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The rain came in torrents during the night. Every once in a while it was interrupted by dry spells when the birds sang with great gusto, as it they knew something I didn’t. Then it poured some more. I starred at the ceiling. My bed was comfy and my room petit. Every once in a while a puff of fresh, moist air swooshed over me. I was cozy. A small log acted as a door stop, pegs lined the wall so access to rain gear was easy, and a slice of tree trunk served as a bedside table.

As the night wore on, it became abundantly clear that there was no way to get to the loo without the floor boards creaking even louder than the snorer down the hall. The good news was that it was indoors…the loo that is. One by one a parade of nearby roommates began the trek, picking boards carefully but unsuccessfully. I held off as long as I could.

Official wake-up time was 5:45 but nearly everyone was assembled around the long kitchen table before a head count was necessary. A hearty breakfast that included Canadian back bacon, a delicious egg dish and traditional baked beans insured I was fortified for the portages in my future.

Our personal gear was packed into larger portage bags and hauled to the truck that waited outside the cabin. The “two Marks”, our camp staff, pushed and shoved and before long all the accoutrements of a two day canoe trip were loaded into the canoe trailer. The truck lead the way down a winding gravel road, past clear cuts and log piles, towards the landing on Round Lake. Algonquin-5-2oWe parked the cars in the large but almost vacant parking area. Those without their own PFDs and paddles were given company issue.

As it was time to move to our put-in, I climbed onto the truck bed and was overwhelmed by memories of travelling this way many years ago but in a much larger flat bed with a partially canvased roof. My work life had included numerous canoe trips with kids from the Children’s Aid Society. From Cobourg to the French River is a long way in the back of a truck. No seat belts, no comforts. No laws prohibiting the making of such memories. Just fun….. and we all lived to tell the tale. Lounging on packs we had lurched along, bouncing over railroad tracks and huddling into the gear to get the most cushioning possible. Yep, a mess of kids, an old truck and many, many memories all came flooding back as I settled against the back of the cab and watched the trees whiz by.

It was a short run.The trees closed in, the road narrowed. The logging truck that met us seemed pretty imposing. We backed up and squeezed by. At this point, I was not sure whether we were actually in the Park or whether we were still outside its 2755 square mile parameters. Did it matter? Not really. I was just taking in the surroundings, reminiscing and jumping back and forth from the past to the present. It was exhilarating to be outside on another adventure even with overcast skies and millions of not so friendly mosquitoes.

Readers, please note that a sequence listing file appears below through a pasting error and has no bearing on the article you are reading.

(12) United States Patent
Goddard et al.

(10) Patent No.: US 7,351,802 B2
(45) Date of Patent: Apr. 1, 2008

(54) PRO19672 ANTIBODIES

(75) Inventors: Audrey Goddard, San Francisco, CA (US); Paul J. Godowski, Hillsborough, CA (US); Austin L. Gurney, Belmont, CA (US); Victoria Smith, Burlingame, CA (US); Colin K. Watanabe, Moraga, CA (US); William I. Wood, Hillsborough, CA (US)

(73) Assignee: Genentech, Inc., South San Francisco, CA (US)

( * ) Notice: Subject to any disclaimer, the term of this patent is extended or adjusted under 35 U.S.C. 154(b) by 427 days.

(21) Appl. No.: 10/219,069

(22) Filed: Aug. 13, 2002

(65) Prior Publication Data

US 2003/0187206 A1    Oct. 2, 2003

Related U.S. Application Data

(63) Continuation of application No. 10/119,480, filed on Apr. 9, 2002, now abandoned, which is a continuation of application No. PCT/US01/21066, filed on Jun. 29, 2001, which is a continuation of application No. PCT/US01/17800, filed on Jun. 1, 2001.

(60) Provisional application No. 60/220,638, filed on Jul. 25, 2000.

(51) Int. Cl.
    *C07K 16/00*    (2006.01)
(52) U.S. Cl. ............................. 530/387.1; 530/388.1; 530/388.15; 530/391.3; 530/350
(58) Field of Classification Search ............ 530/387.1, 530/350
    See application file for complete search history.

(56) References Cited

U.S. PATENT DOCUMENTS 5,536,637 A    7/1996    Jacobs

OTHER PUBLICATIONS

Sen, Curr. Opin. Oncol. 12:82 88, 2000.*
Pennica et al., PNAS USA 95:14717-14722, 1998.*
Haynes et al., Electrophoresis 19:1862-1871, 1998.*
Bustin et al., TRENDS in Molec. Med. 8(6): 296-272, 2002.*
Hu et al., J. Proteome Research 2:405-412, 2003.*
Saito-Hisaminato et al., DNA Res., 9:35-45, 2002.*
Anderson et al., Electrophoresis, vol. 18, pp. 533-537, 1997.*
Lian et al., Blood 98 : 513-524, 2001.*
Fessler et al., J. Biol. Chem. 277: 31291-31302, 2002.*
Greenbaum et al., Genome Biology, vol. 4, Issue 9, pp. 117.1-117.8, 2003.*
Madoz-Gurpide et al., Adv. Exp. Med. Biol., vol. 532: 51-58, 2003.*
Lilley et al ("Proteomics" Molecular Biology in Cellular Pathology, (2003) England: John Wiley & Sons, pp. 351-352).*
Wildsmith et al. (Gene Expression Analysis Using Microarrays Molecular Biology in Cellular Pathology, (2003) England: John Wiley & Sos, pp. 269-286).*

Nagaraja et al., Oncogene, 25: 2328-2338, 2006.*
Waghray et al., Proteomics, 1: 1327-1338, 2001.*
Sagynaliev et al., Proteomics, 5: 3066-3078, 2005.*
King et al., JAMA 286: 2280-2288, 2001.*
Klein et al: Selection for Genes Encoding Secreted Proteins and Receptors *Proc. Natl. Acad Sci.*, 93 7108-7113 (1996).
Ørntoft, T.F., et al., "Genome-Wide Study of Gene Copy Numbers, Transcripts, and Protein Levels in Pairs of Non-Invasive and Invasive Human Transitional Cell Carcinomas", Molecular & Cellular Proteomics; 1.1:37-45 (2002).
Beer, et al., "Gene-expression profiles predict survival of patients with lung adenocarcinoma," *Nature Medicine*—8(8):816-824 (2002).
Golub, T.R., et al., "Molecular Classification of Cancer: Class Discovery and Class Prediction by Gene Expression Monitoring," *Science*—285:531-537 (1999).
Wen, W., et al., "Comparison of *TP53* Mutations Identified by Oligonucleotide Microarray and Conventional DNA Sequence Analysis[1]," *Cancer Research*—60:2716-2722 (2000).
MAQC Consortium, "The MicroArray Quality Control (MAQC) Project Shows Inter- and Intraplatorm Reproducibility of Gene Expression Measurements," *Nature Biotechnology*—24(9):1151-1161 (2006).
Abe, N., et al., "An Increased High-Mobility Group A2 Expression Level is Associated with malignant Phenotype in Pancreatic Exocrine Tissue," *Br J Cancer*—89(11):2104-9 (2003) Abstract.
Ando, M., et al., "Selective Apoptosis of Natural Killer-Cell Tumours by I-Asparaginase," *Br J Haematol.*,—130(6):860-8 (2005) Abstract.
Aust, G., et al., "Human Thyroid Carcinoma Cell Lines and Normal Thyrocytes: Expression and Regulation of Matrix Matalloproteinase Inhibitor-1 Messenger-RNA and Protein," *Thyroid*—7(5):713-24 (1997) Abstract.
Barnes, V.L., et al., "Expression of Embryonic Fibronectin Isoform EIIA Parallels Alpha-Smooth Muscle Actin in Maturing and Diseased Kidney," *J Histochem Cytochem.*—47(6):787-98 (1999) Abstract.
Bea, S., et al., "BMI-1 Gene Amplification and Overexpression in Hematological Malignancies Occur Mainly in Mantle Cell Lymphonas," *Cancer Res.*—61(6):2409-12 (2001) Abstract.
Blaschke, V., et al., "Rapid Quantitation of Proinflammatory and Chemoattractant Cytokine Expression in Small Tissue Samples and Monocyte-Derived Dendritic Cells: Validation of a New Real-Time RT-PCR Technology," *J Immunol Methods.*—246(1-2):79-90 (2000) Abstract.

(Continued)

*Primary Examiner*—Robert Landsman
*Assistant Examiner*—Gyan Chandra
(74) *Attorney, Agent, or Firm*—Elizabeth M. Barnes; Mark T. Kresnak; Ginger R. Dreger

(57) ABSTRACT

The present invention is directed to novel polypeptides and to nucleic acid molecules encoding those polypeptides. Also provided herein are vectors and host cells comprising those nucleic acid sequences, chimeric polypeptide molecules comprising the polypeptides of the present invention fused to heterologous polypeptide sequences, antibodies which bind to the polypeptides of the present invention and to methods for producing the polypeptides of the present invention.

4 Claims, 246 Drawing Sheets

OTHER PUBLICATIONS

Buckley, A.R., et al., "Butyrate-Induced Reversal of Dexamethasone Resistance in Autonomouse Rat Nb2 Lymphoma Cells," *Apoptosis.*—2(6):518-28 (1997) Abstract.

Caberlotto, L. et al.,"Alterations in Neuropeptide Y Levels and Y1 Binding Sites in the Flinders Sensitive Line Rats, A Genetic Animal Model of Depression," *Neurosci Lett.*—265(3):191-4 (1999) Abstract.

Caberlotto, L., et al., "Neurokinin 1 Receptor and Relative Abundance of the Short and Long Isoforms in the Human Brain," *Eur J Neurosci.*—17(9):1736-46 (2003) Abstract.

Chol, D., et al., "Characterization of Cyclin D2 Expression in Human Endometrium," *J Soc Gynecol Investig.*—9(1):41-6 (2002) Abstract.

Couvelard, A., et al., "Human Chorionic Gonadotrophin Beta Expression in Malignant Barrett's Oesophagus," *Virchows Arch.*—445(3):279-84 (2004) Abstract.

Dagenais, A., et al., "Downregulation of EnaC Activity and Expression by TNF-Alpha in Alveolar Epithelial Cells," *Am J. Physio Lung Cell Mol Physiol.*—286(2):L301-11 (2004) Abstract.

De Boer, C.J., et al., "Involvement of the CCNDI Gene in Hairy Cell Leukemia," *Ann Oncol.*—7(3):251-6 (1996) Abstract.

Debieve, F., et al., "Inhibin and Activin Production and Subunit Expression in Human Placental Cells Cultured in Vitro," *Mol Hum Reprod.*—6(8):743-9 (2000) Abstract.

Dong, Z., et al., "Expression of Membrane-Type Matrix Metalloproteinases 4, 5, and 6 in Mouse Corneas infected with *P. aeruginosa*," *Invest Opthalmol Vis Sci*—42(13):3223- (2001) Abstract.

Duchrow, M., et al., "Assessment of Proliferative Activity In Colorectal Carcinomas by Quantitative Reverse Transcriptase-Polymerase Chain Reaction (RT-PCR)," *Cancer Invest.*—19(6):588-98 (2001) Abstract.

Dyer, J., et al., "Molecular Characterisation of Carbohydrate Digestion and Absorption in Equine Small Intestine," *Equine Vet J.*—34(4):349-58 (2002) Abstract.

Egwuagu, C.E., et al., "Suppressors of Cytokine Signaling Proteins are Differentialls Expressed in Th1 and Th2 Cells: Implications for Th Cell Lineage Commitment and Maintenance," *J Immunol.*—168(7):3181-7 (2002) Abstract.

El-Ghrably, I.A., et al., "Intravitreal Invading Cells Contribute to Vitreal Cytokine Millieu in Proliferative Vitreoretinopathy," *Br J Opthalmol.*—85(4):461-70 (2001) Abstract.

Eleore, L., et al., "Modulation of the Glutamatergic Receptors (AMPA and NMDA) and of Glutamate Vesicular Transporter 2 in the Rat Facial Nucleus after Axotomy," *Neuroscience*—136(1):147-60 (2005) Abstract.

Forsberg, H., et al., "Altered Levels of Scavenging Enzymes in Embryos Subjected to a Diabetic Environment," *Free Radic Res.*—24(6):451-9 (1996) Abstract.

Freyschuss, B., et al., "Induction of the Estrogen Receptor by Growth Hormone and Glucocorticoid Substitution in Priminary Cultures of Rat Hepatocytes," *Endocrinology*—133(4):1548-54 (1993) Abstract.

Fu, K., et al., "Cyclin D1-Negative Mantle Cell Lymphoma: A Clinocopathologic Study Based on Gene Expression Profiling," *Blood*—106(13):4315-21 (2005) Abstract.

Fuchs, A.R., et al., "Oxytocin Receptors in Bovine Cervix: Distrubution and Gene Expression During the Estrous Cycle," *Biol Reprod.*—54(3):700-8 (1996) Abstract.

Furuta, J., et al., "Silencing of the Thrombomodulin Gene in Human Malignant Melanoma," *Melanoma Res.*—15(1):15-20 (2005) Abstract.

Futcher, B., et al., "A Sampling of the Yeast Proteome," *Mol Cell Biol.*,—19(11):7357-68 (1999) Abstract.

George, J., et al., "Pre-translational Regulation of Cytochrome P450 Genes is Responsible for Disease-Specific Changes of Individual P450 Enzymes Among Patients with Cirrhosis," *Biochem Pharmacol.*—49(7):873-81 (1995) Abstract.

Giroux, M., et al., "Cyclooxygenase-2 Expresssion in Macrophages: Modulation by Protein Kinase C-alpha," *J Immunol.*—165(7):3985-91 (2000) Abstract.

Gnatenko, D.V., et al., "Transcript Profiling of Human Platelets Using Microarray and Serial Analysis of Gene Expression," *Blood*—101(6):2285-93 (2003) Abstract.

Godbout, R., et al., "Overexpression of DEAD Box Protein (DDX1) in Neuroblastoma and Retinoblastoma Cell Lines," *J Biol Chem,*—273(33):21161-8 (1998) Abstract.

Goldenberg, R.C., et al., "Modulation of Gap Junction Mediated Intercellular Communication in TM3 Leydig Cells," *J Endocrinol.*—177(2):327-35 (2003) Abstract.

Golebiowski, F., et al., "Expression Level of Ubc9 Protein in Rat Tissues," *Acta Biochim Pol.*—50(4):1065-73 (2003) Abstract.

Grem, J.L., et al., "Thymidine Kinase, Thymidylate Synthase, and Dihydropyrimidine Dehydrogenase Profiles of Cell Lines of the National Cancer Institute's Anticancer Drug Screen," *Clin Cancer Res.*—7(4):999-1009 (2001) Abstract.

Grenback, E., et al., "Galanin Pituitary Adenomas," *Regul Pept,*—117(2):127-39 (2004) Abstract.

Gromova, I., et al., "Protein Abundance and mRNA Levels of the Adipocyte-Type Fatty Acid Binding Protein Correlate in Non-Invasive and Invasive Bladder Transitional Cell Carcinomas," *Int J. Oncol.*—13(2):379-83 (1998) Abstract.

The first portage was pleasant… a path through the mixed forest, wide enough, and smooth enough for a casual walk. It probably seemed that way as I wasn’t heaving a canoe onto my shoulders. I can’t believe I really did that! This trip, my twenty pounds of camera gear, a paddle, a life jacket and me was all that I was required to take to the landing on the other side.Yep, it was a good portage to an unreasonably trying entry into a small unnamed bay/ lake. Here the rubber hit the road or more precisely the hiking boots hit the slippery logs and oozing swamp. The bugs swarmed and all hands lunged for bug spray and netting.

Jeff, my paddle partner, launched first with our videographer. The potential for real action shots was great as the rest of the crew oozed their way across the logs using their paddles as hiking poles. Eventually, all packs were accounted for and the” two Marks” did a stellar job at the heavy lifting.

In parade like fashion, the canoes edged towards the other shore and one by one the gear was unloaded and moved to higher ground making room for yet another boat. Red and Green reflected in the water as we each found our sea legs and the few hold outs gave up the notion of keeping their feet dry.Algonquin-25o Paddles and camera gear lay in piles as their owners moved all they could carry across the second portage. Pink lady slippers huddled in the underbrush watching and listening as soggy, squishy hiking boots moved past.